MILWAUKEE, Wis. (SWBTS) - Crosstalk America, a national Christian radio ministry of VCY America, invited Terri Stovall, dean of women’s studies at Southwestern Baptist Theological Seminary, to discuss the seminary’s new homemaking concentration in The College at Southwestern, June 28.
According to Crosstalk host Ingrid Schlueter, the show’s topic was spurred by a critique of the homemaking concentration by Robert Parham, who is the executive director of the Baptist Center for Ethics, published as a guest editorial June 18 in the Atlanta Journal Constitution.
“What is dangerous about Christian homemaking programs is that they diminish the Christian faith and deceive naïve Christians,” Parham wrote.
Schlueter noted her own interest, as a Christian and a mother, in the homemaking concentration. She invited Stovall to “set the record straight” in light of recent criticism.
The homemaking concentration is “a degree and a field of study that prepares women and gives them a foundation for life,” Stovall said. “It is a degree program that not only teaches them about Western Thought and Culture and Greek and Latin, but also helps them to be able to be good people in the home and also to be able to nurture their families.”
The College at Southwestern prepares its students to engage contemporary culture through its Bachelor of Arts in Humanities Degree, with concentrations in homemaking, music, education and the history of ideas. Seminary President Paige Patterson announced the establishment of the homemaking concentration during the Southern Baptist Convention’s 2007 annual meeting in San Antonio.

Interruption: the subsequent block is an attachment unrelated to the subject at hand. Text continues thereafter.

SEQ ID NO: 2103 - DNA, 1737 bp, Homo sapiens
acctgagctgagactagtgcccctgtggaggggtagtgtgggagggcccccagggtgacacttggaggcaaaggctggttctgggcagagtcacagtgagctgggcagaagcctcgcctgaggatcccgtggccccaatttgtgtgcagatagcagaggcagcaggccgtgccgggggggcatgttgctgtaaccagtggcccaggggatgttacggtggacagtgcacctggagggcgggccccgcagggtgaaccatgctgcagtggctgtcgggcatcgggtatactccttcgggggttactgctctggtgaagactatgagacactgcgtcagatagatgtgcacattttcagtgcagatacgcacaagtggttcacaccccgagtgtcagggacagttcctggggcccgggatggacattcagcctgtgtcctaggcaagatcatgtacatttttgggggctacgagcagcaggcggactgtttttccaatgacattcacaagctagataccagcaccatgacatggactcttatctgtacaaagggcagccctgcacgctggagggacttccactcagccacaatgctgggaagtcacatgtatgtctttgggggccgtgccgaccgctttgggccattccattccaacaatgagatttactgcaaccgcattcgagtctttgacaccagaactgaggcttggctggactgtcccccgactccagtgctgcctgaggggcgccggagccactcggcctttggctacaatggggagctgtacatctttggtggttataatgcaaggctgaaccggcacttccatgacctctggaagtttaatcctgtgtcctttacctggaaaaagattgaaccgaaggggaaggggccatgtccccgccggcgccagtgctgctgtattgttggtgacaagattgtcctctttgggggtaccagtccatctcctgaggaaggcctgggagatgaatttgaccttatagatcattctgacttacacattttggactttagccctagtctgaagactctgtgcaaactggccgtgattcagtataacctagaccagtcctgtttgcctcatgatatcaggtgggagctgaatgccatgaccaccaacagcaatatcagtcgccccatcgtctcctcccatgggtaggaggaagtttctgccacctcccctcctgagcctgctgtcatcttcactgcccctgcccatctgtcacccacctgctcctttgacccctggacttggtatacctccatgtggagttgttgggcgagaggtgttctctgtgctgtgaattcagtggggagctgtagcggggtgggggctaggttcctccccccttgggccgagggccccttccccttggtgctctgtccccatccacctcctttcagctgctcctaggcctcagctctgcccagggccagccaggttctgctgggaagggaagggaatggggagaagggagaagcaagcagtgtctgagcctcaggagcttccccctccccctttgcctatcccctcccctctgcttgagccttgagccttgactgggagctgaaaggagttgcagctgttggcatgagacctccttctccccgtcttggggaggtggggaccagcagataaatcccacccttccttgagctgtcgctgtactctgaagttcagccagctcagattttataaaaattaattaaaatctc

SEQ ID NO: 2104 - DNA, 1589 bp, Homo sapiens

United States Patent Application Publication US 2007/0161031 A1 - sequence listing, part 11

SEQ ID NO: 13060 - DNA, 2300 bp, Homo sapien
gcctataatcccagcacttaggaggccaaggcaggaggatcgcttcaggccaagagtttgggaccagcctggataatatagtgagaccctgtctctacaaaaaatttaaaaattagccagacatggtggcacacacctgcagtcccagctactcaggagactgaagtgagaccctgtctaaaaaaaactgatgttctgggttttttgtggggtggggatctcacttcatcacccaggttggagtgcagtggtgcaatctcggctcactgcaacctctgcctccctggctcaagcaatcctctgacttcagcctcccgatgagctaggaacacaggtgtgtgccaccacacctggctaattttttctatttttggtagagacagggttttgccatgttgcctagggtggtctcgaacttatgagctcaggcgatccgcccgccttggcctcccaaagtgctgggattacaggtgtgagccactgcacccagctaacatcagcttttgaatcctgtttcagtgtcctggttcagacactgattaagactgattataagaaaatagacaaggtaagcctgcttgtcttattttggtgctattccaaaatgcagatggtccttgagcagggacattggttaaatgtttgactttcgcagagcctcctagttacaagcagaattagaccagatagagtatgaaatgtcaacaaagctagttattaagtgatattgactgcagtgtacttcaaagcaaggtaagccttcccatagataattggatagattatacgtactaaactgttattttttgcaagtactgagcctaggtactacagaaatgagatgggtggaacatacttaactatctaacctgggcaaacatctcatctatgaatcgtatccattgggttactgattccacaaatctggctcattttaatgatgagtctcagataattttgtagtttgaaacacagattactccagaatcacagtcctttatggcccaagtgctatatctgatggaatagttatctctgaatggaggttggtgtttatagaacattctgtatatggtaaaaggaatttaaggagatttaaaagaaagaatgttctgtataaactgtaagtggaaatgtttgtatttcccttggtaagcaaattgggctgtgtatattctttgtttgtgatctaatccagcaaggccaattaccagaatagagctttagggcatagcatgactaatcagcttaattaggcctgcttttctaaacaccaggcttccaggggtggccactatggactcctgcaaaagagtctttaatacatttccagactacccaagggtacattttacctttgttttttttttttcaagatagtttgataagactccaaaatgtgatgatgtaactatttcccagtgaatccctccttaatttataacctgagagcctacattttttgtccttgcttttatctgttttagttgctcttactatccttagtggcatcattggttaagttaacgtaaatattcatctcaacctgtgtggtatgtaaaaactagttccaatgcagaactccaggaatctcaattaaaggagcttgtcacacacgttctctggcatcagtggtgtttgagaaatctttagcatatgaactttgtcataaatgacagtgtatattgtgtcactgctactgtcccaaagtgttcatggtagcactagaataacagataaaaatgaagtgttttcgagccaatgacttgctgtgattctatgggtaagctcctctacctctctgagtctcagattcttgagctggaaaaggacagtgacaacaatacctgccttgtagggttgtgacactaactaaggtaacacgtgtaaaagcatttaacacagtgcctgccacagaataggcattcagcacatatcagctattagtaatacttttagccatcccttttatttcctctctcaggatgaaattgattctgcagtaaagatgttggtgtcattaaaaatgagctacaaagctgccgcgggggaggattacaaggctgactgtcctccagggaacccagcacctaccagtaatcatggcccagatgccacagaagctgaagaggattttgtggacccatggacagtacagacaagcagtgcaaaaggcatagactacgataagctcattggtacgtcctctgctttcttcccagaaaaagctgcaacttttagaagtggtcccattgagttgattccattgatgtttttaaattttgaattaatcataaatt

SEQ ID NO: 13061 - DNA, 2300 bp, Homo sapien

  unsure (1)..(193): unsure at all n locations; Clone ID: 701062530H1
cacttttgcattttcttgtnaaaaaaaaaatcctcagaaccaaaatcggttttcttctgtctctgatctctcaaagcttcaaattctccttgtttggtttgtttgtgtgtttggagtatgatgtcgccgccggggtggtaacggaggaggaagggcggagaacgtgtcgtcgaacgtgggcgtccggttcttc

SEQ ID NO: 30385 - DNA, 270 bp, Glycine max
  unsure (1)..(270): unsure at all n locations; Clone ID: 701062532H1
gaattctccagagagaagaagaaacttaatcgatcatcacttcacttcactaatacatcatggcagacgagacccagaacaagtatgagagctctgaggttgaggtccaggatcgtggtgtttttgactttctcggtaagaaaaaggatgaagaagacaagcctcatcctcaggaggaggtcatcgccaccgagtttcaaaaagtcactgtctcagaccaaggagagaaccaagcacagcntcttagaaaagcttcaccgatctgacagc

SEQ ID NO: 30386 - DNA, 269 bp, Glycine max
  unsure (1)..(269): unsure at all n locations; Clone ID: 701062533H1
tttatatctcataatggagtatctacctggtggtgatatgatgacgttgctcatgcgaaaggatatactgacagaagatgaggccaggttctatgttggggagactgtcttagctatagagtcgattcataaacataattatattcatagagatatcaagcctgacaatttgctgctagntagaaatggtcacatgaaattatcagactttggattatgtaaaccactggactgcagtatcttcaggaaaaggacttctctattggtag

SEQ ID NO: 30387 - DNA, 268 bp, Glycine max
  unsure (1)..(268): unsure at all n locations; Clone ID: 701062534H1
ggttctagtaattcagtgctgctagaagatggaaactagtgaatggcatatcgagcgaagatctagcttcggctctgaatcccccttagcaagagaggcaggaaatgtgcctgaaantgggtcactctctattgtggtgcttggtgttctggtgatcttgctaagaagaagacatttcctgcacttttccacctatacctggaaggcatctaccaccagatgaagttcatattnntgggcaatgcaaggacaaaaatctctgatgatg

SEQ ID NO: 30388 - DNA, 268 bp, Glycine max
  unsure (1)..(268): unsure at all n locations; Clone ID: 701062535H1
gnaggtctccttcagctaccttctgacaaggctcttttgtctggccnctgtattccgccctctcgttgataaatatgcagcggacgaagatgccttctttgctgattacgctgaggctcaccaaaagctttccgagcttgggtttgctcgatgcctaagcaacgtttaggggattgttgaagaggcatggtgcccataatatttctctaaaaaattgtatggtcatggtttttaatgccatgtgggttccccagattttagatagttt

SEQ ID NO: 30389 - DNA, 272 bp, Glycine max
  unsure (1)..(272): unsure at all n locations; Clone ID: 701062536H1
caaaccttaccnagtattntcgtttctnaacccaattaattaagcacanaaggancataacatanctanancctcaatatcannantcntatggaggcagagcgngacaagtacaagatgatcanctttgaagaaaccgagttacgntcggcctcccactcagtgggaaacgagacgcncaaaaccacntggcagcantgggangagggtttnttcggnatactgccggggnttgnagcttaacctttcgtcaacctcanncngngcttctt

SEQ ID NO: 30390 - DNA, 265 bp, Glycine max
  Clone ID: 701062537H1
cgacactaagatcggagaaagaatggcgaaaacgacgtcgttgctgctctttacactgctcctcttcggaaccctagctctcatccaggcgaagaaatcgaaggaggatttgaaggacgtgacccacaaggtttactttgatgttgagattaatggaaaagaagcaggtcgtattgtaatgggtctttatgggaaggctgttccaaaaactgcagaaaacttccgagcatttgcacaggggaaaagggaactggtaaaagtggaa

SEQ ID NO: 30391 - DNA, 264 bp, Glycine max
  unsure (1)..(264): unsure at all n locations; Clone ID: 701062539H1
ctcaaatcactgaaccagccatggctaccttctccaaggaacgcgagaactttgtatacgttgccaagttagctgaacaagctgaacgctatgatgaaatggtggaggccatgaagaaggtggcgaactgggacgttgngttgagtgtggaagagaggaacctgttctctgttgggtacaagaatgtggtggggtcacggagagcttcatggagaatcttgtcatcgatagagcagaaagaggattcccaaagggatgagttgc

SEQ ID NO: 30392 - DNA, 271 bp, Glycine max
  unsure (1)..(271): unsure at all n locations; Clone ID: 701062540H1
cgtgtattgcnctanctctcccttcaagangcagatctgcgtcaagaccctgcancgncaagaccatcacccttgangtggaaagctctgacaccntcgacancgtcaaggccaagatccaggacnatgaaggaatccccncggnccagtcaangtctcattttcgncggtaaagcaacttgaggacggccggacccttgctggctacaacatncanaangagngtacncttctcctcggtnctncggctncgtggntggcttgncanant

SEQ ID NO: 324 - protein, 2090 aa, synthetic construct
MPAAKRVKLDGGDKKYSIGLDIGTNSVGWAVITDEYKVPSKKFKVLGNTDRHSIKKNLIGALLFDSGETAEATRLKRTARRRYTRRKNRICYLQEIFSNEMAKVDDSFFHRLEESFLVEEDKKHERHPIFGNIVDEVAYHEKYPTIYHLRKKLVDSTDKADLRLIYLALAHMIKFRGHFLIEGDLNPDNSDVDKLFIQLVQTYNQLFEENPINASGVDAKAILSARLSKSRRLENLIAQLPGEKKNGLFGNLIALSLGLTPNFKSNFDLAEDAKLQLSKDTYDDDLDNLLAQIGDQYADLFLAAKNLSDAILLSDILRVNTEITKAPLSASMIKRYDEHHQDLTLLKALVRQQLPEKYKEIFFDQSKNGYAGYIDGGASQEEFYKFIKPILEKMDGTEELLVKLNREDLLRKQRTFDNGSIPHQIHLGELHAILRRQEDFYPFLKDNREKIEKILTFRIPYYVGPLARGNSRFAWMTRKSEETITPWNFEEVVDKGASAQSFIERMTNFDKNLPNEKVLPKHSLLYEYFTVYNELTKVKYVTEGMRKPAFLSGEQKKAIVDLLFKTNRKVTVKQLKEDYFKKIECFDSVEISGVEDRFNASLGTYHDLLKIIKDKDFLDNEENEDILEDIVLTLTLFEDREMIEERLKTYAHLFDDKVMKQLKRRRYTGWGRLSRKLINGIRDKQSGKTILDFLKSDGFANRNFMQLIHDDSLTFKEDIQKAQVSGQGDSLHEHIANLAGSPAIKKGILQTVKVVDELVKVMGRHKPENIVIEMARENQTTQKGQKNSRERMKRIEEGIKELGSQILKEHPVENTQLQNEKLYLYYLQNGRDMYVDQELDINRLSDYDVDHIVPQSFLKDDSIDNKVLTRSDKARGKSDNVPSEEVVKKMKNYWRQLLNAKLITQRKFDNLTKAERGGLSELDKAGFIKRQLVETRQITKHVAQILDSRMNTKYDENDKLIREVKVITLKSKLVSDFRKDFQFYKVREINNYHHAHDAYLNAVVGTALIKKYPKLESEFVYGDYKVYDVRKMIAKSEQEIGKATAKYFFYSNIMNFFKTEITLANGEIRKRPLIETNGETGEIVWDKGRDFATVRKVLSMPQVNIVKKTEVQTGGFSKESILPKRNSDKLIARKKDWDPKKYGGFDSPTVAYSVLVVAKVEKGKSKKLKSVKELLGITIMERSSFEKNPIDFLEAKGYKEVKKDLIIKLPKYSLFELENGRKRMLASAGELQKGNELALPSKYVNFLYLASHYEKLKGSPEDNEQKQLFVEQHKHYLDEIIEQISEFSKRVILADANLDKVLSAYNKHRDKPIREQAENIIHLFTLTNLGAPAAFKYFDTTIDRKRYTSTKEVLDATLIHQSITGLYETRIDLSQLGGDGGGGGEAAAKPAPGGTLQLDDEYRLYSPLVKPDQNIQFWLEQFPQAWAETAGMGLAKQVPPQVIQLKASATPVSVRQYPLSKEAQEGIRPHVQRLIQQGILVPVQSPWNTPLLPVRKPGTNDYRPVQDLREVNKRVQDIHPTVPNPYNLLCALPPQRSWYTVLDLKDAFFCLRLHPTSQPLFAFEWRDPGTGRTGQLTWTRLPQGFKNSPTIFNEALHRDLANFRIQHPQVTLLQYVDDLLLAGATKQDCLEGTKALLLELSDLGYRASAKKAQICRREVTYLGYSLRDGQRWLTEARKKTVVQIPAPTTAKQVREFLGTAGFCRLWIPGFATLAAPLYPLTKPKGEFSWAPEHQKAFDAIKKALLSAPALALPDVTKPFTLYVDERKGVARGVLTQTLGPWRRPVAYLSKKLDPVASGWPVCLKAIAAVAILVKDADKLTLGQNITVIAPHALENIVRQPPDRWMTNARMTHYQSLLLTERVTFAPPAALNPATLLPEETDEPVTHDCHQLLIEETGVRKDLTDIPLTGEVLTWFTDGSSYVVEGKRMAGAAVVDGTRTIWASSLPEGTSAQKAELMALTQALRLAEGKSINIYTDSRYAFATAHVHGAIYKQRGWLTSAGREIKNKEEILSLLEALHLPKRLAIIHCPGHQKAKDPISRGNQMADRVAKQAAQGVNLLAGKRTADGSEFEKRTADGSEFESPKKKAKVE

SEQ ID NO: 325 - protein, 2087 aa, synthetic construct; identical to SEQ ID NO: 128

“It is homemaking for the sake of the church and the ministry and for the sake of our society,” Patterson said during his convention report. “If we do not do something to salvage the future of the home, both our denomination and our nation will be destroyed.”
Patterson referred to Titus 2:3-5 in the Holman Christian Standard Bible, which says, “Older women are … to teach what is good, so that they may encourage the young women to love their husbands and children, to be sensible, pure, good homemakers, and submissive to their husbands, so that God's message will not be slandered.” Southwestern’s homemaking concentration offers courses related to home finance, children’s development, nutrition, meal preparation, design and clothing.
According to Stovall, the homemaking concentration is biblically grounded in the Apostle Paul’s command to Titus to train women how to be good homemakers. Specialized training in homemaking is important because of the low standard of family and home life in contemporary culture. She added that these skills are especially important for women who marry men in the ministry.
“A woman can honestly make or break a ministry,” Stovall said. “What she does in a home as a partner in ministry with her husband can take a ministry miles ahead if she can just do what God has called her to do in the way that He has called her to do it.”
An audio recording of Stovall’s interview with Crosstalk America may be accessed online at http://www.crosstalkamerica.com/shows/2007/06/training_christian_wives.php.